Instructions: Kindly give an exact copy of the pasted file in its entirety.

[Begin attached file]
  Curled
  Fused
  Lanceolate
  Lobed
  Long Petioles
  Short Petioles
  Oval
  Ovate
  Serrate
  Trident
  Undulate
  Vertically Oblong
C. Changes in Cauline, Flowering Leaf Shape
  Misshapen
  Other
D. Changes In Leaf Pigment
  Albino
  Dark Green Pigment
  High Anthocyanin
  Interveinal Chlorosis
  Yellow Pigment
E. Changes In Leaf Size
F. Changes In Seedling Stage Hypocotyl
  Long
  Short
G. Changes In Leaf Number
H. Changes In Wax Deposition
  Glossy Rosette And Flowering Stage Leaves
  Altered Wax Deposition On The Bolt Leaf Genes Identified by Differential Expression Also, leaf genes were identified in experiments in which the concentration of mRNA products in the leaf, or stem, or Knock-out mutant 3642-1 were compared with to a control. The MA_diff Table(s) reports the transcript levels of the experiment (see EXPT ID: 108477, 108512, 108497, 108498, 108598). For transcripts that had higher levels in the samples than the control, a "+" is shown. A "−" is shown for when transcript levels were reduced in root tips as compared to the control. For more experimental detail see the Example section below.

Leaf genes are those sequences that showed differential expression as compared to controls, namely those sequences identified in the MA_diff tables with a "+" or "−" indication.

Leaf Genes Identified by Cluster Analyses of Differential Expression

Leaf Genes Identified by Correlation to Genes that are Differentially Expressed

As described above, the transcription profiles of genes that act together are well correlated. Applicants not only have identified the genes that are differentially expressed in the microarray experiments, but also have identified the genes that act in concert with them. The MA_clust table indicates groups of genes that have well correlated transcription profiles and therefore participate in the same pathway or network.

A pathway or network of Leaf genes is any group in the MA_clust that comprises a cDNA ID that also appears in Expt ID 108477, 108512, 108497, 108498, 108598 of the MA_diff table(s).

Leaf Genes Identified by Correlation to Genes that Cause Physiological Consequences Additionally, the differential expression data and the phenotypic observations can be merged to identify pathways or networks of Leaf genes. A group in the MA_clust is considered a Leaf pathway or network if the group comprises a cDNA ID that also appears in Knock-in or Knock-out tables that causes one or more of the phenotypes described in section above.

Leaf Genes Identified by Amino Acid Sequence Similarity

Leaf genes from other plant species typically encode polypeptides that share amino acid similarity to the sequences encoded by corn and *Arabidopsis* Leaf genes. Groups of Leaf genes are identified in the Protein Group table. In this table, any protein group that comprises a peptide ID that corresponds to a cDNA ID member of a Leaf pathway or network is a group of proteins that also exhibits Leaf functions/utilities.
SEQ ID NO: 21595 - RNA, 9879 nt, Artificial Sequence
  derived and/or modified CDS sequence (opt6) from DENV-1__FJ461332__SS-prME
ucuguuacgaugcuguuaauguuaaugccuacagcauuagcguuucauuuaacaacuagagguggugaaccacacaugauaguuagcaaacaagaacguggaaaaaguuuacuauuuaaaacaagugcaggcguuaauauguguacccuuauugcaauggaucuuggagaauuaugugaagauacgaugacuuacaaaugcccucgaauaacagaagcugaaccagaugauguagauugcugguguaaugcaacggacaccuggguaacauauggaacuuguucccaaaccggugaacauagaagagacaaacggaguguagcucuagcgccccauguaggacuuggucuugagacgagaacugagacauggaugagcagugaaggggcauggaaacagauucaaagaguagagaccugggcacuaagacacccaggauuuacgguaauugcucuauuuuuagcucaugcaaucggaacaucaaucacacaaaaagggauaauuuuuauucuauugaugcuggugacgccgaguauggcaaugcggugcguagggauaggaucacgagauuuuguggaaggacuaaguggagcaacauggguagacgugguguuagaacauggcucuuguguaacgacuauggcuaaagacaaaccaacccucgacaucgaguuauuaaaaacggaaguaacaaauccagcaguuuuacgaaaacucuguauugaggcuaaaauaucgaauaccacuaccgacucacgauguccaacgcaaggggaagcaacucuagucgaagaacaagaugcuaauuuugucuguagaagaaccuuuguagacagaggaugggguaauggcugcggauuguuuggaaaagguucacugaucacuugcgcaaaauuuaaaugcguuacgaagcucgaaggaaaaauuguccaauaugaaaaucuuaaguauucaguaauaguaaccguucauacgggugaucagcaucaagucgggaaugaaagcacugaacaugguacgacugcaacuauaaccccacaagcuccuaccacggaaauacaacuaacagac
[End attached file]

  Curled
  Fused
  Lanceolate
  Lobed
  Long Petioles
  Short Petioles
  Oval
  Ovate
  Serrate
  Trident
  Undulate
  Vertically Oblong
C. Changes in Cauline, Flowering Leaf Shape
  Misshapen
  Other
D. Changes In Leaf Pigment
  Albino
  Dark Green Pigment
  High Anthocyanin
  Interveinal Chlorosis
  Yellow Pigment
E. Changes In Leaf Size
F. Changes In Seedling Stage Hypocotyl
  Long
  Short
G. Changes In Leaf Number
H. Changes In Wax Deposition
  Glossy Rosette And Flowering Stage Leaves
  Altered Wax Deposition On The Bolt Leaf Genes Identified by Differential Expression Also, leaf genes were identified in experiments in which the concentration of mRNA products in the leaf, or stem, or Knock-out mutant 3642-1 were compared with to a control. The MA_diff Table(s) reports the transcript levels of the experiment (see EXPT ID: 108477, 108512, 108497, 108498, 108598). For transcripts that had higher levels in the samples than the control, a "+" is shown. A "−" is shown for when transcript levels were reduced in root tips as compared to the control. For more experimental detail see the Example section below.

Leaf genes are those sequences that showed differential expression as compared to controls, namely those sequences identified in the MA_diff tables with a "+" or "−" indication.

Leaf Genes Identified by Cluster Analyses of Differential Expression

Leaf Genes Identified by Correlation to Genes that are Differentially Expressed

As described above, the transcription profiles of genes that act together are well correlated. Applicants not only have identified the genes that are differentially expressed in the microarray experiments, but also have identified the genes that act in concert with them. The MA_clust table indicates groups of genes that have well correlated transcription profiles and therefore participate in the same pathway or network.

A pathway or network of Leaf genes is any group in the MA_clust that comprises a cDNA ID that also appears in Expt ID 108477, 108512, 108497, 108498, 108598 of the MA_diff table(s).

Leaf Genes Identified by Correlation to Genes that Cause Physiological Consequences Additionally, the differential expression data and the phenotypic observations can be merged to identify pathways or networks of Leaf genes. A group in the MA_clust is considered a Leaf pathway or network if the group comprises a cDNA ID that also appears in Knock-in or Knock-out tables that causes one or more of the phenotypes described in section above.

Leaf Genes Identified by Amino Acid Sequence Similarity

Leaf genes from other plant species typically encode polypeptides that share amino acid similarity to the sequences encoded by corn and *Arabidopsis* Leaf genes. Groups of Leaf genes are identified in the Protein Group table. In this table, any protein group that comprises a peptide ID that corresponds to a cDNA ID member of a Leaf pathway or network is a group of proteins that also exhibits Leaf functions/utilities.
SEQ ID NO: 21595 - RNA, 9879 nt, Artificial Sequence
  derived and/or modified CDS sequence (opt6) from DENV-1__FJ461332__SS-prME
ucuguuacgaugcuguuaauguuaaugccuacagcauuagcguuucauuuaacaacuagagguggugaaccacacaugauaguuagcaaacaagaacguggaaaaaguuuacuauuuaaaacaagugcaggcguuaauauguguacccuuauugcaauggaucuuggagaauuaugugaagauacgaugacuuacaaaugcccucgaauaacagaagcugaaccagaugauguagauugcugguguaaugcaacggacaccuggguaacauauggaacuuguucccaaaccggugaacauagaagagacaaacggaguguagcucuagcgccccauguaggacuuggucuugagacgagaacugagacauggaugagcagugaaggggcauggaaacagauucaaagaguagagaccugggcacuaagacacccaggauuuacgguaauugcucuauuuuuagcucaugcaaucggaacaucaaucacacaaaaagggauaauuuuuauucuauugaugcuggugacgccgaguauggcaaugcggugcguagggauaggaucacgagauuuuguggaaggacuaaguggagcaacauggguagacgugguguuagaacauggcucuuguguaacgacuauggcuaaagacaaaccaacccucgacaucgaguuauuaaaaacggaaguaacaaauccagcaguuuuacgaaaacucuguauugaggcuaaaauaucgaauaccacuaccgacucacgauguccaacgcaaggggaagcaacucuagucgaagaacaagaugcuaauuuugucuguagaagaaccuuuguagacagaggaugggguaauggcugcggauuguuuggaaaagguucacugaucacuugcgcaaaauuuaaaugcguuacgaagcucgaaggaaaaauuguccaauaugaaaaucuuaaguauucaguaauaguaaccguucauacgggugaucagcaucaagucgggaaugaaagcacugaacaugguacgacugcaacuauaaccccacaagcuccuaccacggaaauacaacuaacagac